GREEN, Ohio — A boy at the Compass Center proudly showed a Summit County, Ohio, judge the eggplants he was tending in the center's garden.
He was learning how to grow the vegetables — even though he didn't know what to do with them, said Juvenile Judge Linda Teodosio, who had sentenced the boy to an Ohio Department of Youth Services detention center.
"He didn't know much about eggplant, so I made the boys a tray of eggplant parmigiana. I think the ability to connect with caring adults is always a benefit for youth," Teodosio said of the faith-based center more commonly known as the "donkey farm."
The farm, where young felons learn to trust those in authority by working with live animals, is the centerpiece of the True North Ministries program. The nonprofit ministry offers young felons from all of Ohio's 88 counties an opportunity to learn new skills through outreach programs, vocational training and mentoring.
Never miss a local story.
The donkeys, bees and chickens the boys and young men care for are merely conduits for learning how to trust, True North Executive Director Becky Retzer said. Some of the ministry's 45 mentors, through their faith in God, are teaching youths to do jobs required on a working farm — skills they can use in the future, she said, but the lessons go much deeper. "It's more than about saving them. It's more about building relationships," Retzer said. "I want the kids to find their faith and to find God, but I also want them — whether they get to that point or not — to look at themselves as to who they can be and not what they've done."
It's one of the reasons volunteers use only first names when addressing the boys and don't ask about the crimes they have committed.
For a young felon to be eligible for the program, a detention center official must deem him ready for off-ground privileges, which is achieved by exhibiting a certain level of good behavior. In Summit County, Teodosio then decides which young felons would benefit from signing on to work at the farm.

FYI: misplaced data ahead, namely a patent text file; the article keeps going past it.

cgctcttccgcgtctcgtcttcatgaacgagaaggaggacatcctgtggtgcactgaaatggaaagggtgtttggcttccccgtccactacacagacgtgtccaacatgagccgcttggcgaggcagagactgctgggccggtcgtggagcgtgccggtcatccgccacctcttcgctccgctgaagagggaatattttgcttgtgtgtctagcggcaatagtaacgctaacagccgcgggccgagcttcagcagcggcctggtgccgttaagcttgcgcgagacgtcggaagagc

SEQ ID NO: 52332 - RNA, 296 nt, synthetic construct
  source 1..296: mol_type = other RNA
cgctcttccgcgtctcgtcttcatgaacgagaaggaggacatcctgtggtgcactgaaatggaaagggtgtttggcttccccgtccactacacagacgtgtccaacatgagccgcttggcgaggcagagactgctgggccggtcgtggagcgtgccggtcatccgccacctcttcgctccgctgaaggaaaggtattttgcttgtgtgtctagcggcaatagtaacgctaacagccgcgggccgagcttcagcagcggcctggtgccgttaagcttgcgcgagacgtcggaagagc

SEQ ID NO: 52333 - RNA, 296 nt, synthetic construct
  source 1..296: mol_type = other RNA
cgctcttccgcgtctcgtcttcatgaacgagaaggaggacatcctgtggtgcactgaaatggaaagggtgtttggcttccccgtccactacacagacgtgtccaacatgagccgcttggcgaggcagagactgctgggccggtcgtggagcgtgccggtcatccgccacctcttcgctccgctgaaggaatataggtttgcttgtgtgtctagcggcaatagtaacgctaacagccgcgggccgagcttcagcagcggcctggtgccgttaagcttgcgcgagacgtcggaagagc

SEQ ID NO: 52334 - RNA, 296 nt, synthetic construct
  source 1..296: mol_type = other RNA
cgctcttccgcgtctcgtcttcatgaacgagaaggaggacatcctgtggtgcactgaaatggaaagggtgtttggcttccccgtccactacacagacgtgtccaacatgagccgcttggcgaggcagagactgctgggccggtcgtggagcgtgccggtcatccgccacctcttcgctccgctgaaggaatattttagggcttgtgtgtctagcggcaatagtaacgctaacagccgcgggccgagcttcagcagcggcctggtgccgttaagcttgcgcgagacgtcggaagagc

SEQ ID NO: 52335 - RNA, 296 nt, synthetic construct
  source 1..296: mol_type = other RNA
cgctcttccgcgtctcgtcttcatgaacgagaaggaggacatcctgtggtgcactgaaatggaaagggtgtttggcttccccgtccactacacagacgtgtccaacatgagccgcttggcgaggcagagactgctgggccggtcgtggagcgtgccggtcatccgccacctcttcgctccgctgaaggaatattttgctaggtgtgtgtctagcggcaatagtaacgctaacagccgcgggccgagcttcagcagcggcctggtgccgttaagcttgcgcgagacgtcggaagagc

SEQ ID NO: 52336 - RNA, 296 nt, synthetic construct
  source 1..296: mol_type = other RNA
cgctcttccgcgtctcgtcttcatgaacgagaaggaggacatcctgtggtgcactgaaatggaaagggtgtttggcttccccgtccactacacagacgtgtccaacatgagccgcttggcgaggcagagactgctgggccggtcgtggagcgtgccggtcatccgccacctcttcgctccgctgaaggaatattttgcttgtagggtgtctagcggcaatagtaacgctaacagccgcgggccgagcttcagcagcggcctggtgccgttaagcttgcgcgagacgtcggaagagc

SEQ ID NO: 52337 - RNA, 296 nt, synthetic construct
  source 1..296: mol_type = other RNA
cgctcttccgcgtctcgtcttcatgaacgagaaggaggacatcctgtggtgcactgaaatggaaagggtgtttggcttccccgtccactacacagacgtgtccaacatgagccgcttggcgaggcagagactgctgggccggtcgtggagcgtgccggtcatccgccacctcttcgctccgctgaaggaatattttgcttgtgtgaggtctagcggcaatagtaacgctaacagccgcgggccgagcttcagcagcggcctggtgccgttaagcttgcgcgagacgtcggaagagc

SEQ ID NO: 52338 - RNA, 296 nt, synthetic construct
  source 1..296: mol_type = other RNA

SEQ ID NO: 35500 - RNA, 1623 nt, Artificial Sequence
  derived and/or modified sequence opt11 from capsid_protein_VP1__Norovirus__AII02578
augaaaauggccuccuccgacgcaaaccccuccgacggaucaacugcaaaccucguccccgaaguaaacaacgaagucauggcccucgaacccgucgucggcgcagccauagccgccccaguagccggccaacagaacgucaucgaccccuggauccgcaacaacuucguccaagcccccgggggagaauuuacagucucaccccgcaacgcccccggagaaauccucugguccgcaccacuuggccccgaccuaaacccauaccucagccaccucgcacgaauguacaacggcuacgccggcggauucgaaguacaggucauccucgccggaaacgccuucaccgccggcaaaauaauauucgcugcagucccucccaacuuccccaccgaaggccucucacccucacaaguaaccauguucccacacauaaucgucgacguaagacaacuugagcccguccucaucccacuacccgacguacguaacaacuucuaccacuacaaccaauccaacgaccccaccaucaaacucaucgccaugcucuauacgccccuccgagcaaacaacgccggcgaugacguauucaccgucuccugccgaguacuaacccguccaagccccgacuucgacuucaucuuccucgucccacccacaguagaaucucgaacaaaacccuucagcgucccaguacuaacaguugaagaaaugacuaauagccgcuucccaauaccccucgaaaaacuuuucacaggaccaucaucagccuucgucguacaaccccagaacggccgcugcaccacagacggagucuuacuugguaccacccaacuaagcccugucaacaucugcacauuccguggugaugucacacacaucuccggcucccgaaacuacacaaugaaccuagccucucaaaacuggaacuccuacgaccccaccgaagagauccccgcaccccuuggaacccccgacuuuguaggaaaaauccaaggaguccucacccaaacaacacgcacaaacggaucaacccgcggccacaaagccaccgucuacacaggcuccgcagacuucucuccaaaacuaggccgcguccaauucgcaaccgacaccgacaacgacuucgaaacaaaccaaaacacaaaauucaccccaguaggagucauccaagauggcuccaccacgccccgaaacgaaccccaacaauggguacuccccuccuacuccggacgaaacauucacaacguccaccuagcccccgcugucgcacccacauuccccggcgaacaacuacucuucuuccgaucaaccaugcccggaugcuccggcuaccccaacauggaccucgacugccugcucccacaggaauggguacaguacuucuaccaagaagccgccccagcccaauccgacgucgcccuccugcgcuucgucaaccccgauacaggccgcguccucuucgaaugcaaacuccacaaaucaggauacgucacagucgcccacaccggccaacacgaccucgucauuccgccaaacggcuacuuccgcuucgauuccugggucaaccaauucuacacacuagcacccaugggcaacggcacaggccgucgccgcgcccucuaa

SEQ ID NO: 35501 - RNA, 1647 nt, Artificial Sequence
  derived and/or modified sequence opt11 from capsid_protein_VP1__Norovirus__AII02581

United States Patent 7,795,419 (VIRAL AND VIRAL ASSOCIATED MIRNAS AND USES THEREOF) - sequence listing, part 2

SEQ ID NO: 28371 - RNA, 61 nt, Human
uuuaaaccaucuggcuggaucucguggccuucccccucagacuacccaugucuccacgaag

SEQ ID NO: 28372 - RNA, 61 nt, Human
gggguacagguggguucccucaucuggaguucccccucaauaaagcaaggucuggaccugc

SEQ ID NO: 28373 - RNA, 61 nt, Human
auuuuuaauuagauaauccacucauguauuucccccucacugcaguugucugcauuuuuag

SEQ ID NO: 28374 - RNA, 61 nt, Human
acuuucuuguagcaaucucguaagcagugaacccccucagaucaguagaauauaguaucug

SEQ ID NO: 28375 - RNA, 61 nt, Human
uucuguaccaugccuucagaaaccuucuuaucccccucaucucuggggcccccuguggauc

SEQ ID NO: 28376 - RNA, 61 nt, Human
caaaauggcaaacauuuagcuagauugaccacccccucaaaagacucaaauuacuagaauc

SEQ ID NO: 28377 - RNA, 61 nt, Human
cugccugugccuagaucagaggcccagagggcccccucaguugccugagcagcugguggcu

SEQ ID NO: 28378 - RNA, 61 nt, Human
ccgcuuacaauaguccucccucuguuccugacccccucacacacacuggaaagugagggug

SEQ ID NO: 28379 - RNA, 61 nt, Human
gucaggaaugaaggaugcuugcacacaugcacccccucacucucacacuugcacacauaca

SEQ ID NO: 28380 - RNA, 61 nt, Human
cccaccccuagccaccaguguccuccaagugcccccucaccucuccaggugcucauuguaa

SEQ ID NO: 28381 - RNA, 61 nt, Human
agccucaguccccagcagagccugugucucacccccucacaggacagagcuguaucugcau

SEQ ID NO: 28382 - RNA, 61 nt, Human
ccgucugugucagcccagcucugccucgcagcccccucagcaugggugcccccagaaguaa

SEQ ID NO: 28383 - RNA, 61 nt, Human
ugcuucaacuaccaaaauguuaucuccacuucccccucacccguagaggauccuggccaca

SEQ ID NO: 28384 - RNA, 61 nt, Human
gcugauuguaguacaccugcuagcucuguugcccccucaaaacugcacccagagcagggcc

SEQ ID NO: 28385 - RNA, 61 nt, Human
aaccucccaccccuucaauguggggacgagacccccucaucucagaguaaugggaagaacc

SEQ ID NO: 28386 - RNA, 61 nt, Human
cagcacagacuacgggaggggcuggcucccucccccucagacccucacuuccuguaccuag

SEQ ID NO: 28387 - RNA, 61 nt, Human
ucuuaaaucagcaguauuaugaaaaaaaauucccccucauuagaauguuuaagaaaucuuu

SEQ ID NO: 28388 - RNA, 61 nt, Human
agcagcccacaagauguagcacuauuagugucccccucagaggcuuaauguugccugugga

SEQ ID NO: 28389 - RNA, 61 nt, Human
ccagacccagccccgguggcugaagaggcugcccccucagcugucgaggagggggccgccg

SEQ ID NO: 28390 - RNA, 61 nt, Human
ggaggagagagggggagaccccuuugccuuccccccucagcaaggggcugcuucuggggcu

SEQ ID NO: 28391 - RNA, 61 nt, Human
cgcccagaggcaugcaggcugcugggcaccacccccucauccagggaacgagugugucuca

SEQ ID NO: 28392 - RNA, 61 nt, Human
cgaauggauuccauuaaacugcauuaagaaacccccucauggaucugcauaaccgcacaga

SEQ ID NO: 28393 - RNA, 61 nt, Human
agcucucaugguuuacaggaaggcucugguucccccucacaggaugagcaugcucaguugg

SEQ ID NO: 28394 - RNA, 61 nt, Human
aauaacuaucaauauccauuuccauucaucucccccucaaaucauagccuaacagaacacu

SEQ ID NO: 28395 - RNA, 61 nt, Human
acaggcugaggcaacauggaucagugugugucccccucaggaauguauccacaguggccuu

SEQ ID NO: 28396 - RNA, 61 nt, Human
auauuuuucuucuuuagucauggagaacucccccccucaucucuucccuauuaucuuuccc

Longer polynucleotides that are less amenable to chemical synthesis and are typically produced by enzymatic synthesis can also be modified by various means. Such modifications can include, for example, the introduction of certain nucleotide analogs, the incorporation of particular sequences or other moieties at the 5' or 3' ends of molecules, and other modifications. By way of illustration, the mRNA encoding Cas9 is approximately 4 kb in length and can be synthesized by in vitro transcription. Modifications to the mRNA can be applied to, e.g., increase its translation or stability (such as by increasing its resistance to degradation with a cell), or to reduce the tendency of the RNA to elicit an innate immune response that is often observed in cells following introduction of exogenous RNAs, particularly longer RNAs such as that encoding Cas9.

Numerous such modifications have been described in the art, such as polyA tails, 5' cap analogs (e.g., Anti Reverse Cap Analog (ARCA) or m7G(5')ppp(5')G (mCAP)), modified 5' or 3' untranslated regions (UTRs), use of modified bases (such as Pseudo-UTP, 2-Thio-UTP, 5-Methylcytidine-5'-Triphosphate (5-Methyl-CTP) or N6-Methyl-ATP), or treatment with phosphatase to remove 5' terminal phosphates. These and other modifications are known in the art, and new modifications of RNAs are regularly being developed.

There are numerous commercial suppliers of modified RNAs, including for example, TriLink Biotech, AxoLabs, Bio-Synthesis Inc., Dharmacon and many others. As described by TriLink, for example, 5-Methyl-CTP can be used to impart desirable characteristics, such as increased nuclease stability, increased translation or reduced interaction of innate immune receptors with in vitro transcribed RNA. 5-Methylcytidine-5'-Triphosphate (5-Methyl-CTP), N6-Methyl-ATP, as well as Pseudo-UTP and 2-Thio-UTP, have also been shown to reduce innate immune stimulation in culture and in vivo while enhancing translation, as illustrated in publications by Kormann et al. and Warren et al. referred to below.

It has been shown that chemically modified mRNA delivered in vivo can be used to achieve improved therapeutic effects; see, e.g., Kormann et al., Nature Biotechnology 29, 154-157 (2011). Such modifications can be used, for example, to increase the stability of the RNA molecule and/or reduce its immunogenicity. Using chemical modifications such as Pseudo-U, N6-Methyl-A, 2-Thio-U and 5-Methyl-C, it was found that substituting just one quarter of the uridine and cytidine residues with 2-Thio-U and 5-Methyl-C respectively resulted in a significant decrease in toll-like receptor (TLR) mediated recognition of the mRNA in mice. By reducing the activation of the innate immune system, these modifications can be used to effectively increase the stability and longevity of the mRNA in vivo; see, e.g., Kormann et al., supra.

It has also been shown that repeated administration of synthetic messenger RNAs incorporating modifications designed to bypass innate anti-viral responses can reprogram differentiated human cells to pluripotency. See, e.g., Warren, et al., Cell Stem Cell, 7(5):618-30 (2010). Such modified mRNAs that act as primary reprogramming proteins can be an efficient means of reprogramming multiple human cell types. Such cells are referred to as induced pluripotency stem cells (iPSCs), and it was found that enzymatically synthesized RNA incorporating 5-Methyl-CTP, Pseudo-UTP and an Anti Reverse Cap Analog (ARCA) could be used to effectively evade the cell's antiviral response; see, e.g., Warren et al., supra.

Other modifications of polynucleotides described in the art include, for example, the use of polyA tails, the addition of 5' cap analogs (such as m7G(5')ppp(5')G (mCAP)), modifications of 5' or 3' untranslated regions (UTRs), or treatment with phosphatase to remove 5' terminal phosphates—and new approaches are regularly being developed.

"Most of the kids that participate in the program have done well at the Department of Youth Services and are able to attend as a positive incentive," said Teodosio, who said she views the program as a privilege to be earned.
Retzer, who formerly worked with youth offenders at the Summit County Juvenile Detention Center, established the ministry in 2002 and leased the property for the Compass Center in 2007.
The program has 200 volunteers who work with incarcerated young people throughout the state and makes more than 2,500 contacts each year through mentoring, outreach programs and the donkey farm. Youths can participate in the program one to three days a week up to three months, Retzer said.
The ages of participants range from about 17 to 21 years, said Shayne Rowlands, parole supervisor with the Ohio Department of Youth Services.
"The volunteers at the farm work on self-esteem and career readiness. They have employed three of our kids as landscapers who are on parole. They are able, besides paying them, to also mentor them as well," he said.
Grants from foundations and donations from local businesses and more than 60 churches finance the program.
On a recent day, a young man from Cuyahoga Hills Juvenile Correctional Facility in Warrensville Heights collected five freshly laid eggs from the farm's chicken coop — a daunting task for someone who had never before been close to a live chicken.
After gathering the eggs in a basket, he updated the figure — the number of eggs collected from the farm's eight hens in a year's time — on a chalkboard hanging on the coop to 890.
Nine miniature jennies (female donkeys) were roaming in the pasture unaware that Rusty, the only jack in the pack, was in a separate pen recuperating from surgery that would prevent him from making any more little donkeys.
Rusty has earned a reputation of sorts. For the past seven years, each young man that shovels manure or grooms or feeds the small burros leaves with a T-shirt that reads: "I survived a day with Rusty."
Property manager Dave Duffey is in charge of maintenance at the 15-acre farm, handing out assignments and teaching the young men how to do the work. He said the youths aren't the only people benefitting from the program.
"Not only does it help the kids, it helps me. I've learned that God can give you strength and help you learn to be more patient. It enables me to understand and help them," he said as he worked alongside his charges last month.
Antonio Boalden, a general activity therapist from Warrensville Heights who accompanied five youths, some from as far away as Cincinnati and Columbus, said the experience teaches the boys there are people who care about them.
"The program has a very positive effect on these kids. Most of them think people don't care. But they learn through mentoring and faith in God that people they never before met in their lives really do care," Boalden said.